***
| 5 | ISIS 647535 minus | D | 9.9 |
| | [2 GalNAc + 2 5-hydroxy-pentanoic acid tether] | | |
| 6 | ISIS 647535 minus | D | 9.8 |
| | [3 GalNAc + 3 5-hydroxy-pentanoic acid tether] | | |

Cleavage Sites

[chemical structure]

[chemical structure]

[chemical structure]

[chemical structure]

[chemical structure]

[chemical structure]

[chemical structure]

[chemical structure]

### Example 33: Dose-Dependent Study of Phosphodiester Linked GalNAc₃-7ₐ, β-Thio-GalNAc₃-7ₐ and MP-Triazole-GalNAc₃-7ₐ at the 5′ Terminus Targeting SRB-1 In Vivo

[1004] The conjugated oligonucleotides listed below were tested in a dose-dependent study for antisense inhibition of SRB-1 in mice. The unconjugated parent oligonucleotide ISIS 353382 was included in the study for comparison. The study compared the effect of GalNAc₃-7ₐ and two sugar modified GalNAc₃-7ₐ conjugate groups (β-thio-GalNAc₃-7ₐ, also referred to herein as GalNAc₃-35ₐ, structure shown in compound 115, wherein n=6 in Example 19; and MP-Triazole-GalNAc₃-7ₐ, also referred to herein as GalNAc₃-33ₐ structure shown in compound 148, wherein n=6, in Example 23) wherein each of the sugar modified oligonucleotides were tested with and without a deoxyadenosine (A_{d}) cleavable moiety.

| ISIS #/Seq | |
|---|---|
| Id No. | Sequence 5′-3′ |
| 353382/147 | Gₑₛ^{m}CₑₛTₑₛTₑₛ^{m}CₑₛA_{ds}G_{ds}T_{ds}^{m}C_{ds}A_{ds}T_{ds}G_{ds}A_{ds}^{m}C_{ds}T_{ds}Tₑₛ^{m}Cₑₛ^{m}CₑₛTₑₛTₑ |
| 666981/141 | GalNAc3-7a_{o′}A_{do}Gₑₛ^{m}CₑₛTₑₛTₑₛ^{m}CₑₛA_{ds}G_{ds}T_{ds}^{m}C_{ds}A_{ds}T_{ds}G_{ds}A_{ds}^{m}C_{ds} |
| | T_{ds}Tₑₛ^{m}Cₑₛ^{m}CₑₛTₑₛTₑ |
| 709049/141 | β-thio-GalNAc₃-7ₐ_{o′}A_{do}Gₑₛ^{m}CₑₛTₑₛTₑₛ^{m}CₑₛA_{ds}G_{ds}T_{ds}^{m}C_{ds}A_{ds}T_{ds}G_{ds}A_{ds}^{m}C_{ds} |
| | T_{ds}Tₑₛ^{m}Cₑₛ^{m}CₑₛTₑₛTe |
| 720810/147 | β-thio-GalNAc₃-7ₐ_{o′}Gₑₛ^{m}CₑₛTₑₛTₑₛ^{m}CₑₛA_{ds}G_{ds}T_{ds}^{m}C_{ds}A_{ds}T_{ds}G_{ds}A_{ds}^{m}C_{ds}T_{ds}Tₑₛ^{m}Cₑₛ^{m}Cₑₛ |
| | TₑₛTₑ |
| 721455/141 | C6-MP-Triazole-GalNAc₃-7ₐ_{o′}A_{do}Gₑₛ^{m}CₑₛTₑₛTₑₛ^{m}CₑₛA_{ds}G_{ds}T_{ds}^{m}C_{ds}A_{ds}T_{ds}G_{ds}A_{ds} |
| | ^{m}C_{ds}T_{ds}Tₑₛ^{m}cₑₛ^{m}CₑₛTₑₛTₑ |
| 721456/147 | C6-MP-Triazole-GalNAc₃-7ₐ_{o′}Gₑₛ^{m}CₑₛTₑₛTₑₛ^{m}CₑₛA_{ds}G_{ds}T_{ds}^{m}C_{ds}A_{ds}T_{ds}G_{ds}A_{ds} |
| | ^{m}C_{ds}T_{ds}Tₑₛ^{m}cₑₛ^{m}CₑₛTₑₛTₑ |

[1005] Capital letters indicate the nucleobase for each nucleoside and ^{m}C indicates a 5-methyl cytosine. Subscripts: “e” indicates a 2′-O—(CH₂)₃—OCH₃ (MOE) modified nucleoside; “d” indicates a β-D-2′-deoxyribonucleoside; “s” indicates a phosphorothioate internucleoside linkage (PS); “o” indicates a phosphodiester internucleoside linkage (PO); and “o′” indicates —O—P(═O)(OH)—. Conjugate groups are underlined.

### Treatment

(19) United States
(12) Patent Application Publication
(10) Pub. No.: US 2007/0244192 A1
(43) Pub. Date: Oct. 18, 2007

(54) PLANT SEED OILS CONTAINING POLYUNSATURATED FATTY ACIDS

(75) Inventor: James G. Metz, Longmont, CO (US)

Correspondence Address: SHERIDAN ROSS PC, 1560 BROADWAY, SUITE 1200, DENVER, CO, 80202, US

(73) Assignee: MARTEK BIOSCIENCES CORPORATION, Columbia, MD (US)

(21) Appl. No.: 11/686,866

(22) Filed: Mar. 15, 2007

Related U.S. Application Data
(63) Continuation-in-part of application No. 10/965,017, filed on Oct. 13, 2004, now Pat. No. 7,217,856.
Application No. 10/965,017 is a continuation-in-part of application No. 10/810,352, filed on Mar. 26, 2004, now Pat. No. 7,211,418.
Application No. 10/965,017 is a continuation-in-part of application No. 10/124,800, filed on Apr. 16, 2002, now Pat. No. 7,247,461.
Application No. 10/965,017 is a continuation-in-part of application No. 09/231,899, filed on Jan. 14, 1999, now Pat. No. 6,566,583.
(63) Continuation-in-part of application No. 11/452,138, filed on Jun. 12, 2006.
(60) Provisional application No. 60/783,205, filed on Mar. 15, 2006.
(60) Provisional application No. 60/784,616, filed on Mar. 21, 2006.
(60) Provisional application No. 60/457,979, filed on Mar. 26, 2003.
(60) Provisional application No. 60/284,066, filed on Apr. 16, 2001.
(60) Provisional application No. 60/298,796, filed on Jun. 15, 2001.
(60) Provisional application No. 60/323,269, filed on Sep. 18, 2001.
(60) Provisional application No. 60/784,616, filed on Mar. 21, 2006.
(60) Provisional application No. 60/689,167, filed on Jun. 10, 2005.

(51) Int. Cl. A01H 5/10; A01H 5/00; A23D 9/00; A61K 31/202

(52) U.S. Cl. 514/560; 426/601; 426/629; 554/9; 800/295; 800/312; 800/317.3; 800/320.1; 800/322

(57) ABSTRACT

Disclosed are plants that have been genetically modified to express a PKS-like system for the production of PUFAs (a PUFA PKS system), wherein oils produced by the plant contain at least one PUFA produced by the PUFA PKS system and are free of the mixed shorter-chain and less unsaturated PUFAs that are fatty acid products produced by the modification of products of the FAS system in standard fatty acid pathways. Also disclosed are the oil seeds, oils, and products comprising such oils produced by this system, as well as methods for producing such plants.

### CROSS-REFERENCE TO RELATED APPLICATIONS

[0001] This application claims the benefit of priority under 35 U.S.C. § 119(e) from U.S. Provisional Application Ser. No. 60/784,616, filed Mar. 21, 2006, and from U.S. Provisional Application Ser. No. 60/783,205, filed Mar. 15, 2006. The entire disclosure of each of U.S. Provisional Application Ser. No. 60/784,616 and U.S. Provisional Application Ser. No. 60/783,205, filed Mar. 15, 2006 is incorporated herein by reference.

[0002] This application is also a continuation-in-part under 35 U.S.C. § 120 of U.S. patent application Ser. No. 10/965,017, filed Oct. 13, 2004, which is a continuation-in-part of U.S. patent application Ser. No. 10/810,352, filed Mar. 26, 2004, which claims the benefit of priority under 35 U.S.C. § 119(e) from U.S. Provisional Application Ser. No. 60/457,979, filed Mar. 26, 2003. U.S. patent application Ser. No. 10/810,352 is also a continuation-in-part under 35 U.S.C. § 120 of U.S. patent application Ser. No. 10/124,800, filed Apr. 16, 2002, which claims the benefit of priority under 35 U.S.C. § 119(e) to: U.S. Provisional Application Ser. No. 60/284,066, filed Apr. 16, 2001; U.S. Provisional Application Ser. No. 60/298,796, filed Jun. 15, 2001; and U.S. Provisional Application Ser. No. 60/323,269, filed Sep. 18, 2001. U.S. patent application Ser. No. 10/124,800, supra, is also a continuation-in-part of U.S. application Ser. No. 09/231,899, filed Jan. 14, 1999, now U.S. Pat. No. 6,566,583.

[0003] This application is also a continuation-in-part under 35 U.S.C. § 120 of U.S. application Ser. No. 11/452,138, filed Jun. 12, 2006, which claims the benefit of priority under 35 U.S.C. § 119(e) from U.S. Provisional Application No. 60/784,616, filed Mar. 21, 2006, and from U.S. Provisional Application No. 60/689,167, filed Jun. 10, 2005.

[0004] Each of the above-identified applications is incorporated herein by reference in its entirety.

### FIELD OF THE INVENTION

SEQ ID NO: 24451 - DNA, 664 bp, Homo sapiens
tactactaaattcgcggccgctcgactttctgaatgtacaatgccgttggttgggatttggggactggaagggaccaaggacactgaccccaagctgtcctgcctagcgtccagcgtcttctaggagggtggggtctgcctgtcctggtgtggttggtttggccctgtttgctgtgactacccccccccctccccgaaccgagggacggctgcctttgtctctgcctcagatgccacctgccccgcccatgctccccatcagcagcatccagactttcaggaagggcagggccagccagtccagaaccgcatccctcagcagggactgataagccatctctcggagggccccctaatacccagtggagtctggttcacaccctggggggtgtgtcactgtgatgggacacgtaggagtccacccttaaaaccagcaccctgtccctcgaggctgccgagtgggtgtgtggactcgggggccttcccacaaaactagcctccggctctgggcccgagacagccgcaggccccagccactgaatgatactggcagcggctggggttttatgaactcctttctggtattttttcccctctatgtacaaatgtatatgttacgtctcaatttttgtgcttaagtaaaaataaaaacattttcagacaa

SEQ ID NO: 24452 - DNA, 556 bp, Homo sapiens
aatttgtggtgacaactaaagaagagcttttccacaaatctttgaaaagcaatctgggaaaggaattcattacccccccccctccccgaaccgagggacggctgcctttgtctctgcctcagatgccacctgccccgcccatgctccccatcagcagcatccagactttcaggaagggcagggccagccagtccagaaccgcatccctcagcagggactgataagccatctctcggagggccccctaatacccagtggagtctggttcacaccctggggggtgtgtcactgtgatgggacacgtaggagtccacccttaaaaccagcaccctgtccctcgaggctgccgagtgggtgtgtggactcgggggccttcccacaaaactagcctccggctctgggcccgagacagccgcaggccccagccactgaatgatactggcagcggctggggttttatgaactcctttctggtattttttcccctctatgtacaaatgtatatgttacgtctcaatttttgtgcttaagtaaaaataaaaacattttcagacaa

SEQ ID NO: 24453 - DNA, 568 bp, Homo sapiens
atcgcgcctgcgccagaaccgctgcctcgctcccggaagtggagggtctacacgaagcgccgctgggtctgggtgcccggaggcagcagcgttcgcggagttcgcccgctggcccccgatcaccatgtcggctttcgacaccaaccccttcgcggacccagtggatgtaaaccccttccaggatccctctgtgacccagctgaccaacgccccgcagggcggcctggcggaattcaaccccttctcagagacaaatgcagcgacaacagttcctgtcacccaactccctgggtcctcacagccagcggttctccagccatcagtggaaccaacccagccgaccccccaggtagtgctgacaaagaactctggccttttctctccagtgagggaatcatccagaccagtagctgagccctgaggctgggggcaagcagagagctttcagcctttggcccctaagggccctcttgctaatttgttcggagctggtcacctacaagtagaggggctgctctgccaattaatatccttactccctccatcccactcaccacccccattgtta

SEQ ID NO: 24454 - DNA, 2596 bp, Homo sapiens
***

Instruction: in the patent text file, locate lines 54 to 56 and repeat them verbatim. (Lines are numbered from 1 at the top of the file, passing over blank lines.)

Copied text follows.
(60) Provisional application No. 60/784,616, filed on Mar. 21, 2006.
(60) Provisional application No. 60/689,167, filed on Jun. 10, 2005.

(51) Int. Cl. A01H 5/10; A01H 5/00; A23D 9/00; A61K 31/202